Lori and Marek Fuchs have never fought in their 16 years of marriage — except over money. In this column, Mr. and Mrs. Fuchs, a real-life married couple with three kids (ages 12, 8 and 5), articulate their very different approaches to personal finance.

This week, the Fuchs talk about the recent theft of their car from the driveway and the lesson we can all learn about home and car insurance.

Mr. Fuchs: Quite a surprise the other morning, huh?

Mrs. Fuchs: When the kids slept past 7 a.m.? I was shocked too.

Mr. Fuchs: That’s not it — you’re repressing that your beloved car was stolen from our driveway.

Mrs. Fuchs: Oh, you had to bring it up. I’m still in the denial stage of mourning. I loved that Acura.

Mr. Fuchs: Well, lucky for us, we had theft insurance. Auto theft insurance is pretty straightforward. Most have it for cars unless they are real junkers. But it got me thinking about replacement insurance for homes, which people are not as vigilant about.

Mrs. Fuchs: You mean you aren’t as vigilant about?

Mr. Fuchs: Believe it or not, I am. Don’t forget: When I am not writing columns, I serve as a firefighter. I know these things happen. If our house burns down, we’d have about $750,000 to replace it. I’ll get that sauna I always wanted. But according to a 2006 study by MSB, a construction data firm based in Wisconsin, more than half of homeowners don’t have sufficient replacement coverage. Some of these homeowners had enough originally, but then they are in the house for 20 years, and forget to increase the amount of coverage.  Construction costs have increased over time, in a big way.

Mrs. Fuchs: Does that mean when their house burns down, they assume they are covered but the replacement value assumes construction costs from 20 years ago?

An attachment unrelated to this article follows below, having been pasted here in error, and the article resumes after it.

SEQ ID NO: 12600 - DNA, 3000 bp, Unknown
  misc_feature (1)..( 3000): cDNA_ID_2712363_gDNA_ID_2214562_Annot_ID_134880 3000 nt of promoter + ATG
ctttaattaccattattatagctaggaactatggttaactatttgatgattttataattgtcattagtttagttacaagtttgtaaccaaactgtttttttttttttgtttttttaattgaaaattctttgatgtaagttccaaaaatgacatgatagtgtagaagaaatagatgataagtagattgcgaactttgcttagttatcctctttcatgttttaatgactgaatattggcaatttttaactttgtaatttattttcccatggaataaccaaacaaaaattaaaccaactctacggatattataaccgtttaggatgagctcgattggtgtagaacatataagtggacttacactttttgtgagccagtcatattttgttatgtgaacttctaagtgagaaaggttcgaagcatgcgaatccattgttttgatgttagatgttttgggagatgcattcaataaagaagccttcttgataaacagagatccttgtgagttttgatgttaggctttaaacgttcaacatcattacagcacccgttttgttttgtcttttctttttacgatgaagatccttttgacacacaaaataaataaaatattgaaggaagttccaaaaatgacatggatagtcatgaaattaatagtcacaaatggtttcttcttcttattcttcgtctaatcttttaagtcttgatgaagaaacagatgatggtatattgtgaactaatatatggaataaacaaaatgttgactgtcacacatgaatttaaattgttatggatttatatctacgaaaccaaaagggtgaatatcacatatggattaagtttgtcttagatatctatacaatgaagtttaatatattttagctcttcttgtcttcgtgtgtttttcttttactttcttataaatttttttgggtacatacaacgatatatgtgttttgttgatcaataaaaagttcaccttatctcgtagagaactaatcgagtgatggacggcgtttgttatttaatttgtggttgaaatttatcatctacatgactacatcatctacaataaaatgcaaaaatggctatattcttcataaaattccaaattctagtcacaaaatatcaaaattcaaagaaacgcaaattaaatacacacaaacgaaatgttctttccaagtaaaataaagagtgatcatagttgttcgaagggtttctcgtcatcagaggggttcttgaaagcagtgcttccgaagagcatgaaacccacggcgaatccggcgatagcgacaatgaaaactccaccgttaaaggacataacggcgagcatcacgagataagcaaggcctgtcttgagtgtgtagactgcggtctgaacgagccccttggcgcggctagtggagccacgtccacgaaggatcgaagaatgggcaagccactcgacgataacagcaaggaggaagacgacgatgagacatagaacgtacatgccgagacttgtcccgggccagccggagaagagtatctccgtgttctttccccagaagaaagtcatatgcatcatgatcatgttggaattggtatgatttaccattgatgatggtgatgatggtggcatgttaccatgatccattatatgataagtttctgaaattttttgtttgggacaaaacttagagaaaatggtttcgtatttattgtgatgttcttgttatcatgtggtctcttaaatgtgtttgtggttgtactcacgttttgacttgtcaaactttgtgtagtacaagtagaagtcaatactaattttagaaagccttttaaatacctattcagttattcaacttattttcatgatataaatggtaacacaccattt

Mr. Fuchs: Exactly. It’s quite a fix. Krissy Posey, a spokeswoman for Allstate (Stock Quote: ALL), said that even today, more people are giving into the temptation to cut coverage, assuming that lower housing prices means lower construction costs, which is doesn’t.

She points to a study by Xactware, that had the cost of rebuilding a damaged home up 3.95% last year, despite the decline in home prices. Posey works for an insurance company, so you’d expect her to say it, but it’s a valid point: “When trying to cut costs on insurance, consumers should be weary of making a penny-wise, pound-foolish decision that could put them at risk financially.”

Mrs. Fuchs: It is expensive to rebuild a house. Especially if they want the Carrera marble in the master bath.

Mr. Fuchs: Not me — I’d slip on that stuff while getting out of my sauna. Anyhow, until just more than a decade ago, replacement was standard in homeowner policies, with at least 50% for contents. But now you should check your policy — probably once a year. Make sure you can rebuild and refill your house (remember: you don’t have to rebuy your land) for what you are allotted. If circumstances change — like an addition or the purchase of that Picasso you always wanted, factor it in.

Mrs. Fuchs: You could even use that as an occasion to shop around for policies.  I’ll go out on a limb and say you should probably check all of your insurance policies every year or so to make sure they are still relevant and adequate.

Mr. Fuchs: Good to see that your car getting stolen has not diminished your judgment. One more thing: If readers have an old house like we do, they should really factor in the cost of rebuilding a house that is up to modern building codes. That might run you more than you think.

Mrs. Fuchs: I don’t even want to see what is inside our walls.

Mr. Fuchs: Probably nothing. But I hope we never have to find out.

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